by Madeline J. Reynolds
Genre: YA Fantasy/Historical Victorian
Release Date: November 6th 2018
I know you’re angry. It’s true, I was sent to expose your mentor as a fraud illusionist, and instead I have put your secret in jeopardy. I fear I have even put your life in jeopardy. For that I can only beg your forgiveness. I’ve fallen for you. You know I have. And I never wanted to create a rift between us, but if it means protecting you from those who wish you dead—I’ll do it. I’ll do anything to keep you safe, whatever the sacrifice. Please forgive me for all I’ve done and what I’m about to do next. I promise, it’s one magic trick no one will ever see coming.
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As someone who has always loved storytelling, in school, in addition to English, my history classes were some of my favorites. They way I looked at it, history books were also telling stories, the only difference being that the stories being told were true. I think that’s why I have come to love historical fiction so much, in particular historical fantasy. When you’re writing it, you get the opportunity to weave in the fantastical and the imagined in with historical events and settings.
With this in mind, research was crucial in that ensuring I was still delivering a story that felt honest and characters that felt like really people, regardless of the fact that Illusions is a fantasy novel. Setting was a hugely important component and was probably the element of the book that most of my historical research revolved around. I’ve never been to London, myself, so it felt like I had to work twice as hard just to make sure I was painting an accurate picture. I researched street names and how far certain neighborhoods and landmarks were from one another to see if it would make sense for characters to walk from one place to another, or if they would have to take a horse-drawn cab. Since this is a book centered around the word of stage magicians, I also did a lot of research into theaters and opera houses that would have included illusionists on their bill. Even if I only briefly mention the name of a theater, I wanted to make sure I knew what I was talking about and that it would have actually been a proper venue for this type of performance. I also looked up pubs and cafes, and the chess café where Thomas and Sav have their first unofficial date was based on a real place.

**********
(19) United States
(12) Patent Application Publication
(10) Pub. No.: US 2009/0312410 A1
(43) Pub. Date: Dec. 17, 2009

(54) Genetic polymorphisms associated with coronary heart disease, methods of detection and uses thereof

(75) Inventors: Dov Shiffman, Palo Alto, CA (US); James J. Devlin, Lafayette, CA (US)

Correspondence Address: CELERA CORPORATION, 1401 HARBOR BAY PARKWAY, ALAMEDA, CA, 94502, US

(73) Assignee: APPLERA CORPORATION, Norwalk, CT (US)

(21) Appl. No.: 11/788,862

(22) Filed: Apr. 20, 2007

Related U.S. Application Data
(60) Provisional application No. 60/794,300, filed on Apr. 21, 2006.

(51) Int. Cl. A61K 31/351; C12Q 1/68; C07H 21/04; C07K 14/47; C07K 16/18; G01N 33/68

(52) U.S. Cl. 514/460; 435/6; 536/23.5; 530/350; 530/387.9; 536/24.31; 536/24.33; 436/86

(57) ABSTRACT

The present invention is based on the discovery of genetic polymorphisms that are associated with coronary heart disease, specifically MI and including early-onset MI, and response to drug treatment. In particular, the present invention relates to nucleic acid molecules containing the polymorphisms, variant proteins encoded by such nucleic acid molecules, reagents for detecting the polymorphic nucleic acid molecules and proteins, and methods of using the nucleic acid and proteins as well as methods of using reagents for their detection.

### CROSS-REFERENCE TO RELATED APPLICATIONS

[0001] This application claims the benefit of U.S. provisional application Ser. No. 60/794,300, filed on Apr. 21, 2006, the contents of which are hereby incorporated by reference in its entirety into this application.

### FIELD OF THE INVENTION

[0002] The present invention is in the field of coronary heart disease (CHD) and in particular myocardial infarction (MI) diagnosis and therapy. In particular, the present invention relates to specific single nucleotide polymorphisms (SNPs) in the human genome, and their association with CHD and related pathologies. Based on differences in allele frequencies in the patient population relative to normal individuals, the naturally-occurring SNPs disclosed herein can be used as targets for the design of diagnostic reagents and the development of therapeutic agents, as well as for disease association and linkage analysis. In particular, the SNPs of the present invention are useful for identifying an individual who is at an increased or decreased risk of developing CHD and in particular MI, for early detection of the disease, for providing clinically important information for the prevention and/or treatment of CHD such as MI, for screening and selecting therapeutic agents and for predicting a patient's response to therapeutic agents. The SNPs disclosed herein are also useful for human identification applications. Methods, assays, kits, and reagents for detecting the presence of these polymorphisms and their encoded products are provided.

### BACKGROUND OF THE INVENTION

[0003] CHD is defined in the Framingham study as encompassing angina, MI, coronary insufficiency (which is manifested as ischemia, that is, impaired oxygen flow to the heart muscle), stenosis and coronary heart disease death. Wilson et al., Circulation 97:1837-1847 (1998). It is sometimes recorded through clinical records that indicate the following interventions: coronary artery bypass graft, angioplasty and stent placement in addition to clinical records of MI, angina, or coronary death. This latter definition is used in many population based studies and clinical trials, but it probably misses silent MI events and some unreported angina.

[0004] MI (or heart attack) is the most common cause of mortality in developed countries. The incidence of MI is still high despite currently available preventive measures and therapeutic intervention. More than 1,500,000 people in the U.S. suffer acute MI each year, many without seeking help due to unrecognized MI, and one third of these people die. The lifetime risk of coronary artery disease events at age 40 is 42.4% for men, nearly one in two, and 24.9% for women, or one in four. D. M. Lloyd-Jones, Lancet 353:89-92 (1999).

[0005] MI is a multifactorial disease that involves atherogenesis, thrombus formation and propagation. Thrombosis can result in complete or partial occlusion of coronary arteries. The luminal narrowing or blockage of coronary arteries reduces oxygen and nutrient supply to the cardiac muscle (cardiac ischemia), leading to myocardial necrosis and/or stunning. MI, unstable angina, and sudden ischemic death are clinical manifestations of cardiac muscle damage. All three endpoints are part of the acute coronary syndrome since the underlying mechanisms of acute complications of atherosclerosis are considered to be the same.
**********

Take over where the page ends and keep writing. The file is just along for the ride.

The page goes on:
Another important element in making the book feel authentic, especially since it takes place in the 19th century, was the language. I wanted to make sure that descriptions and character dialogue felt accurate to the time period and so I did a lot of looking into common phases for the time and words that might replace more common slang and terminology we use today. One of my absolute favorite things to Google, which I ended up searching a few times, was “19th century swear words.” A few of the words and phrases managed to make it into the final book, so be sure to be on the lookout!
About the Author
Madeline J. Reynolds is a YA fantasy author living in Chicago. Originally from Minneapolis, she has a background in journalism and has always loved storytelling in its various forms. When not writing, she can be found exploring the city, eating Thai food, or lost in an epic Lord of the Rings marathon.
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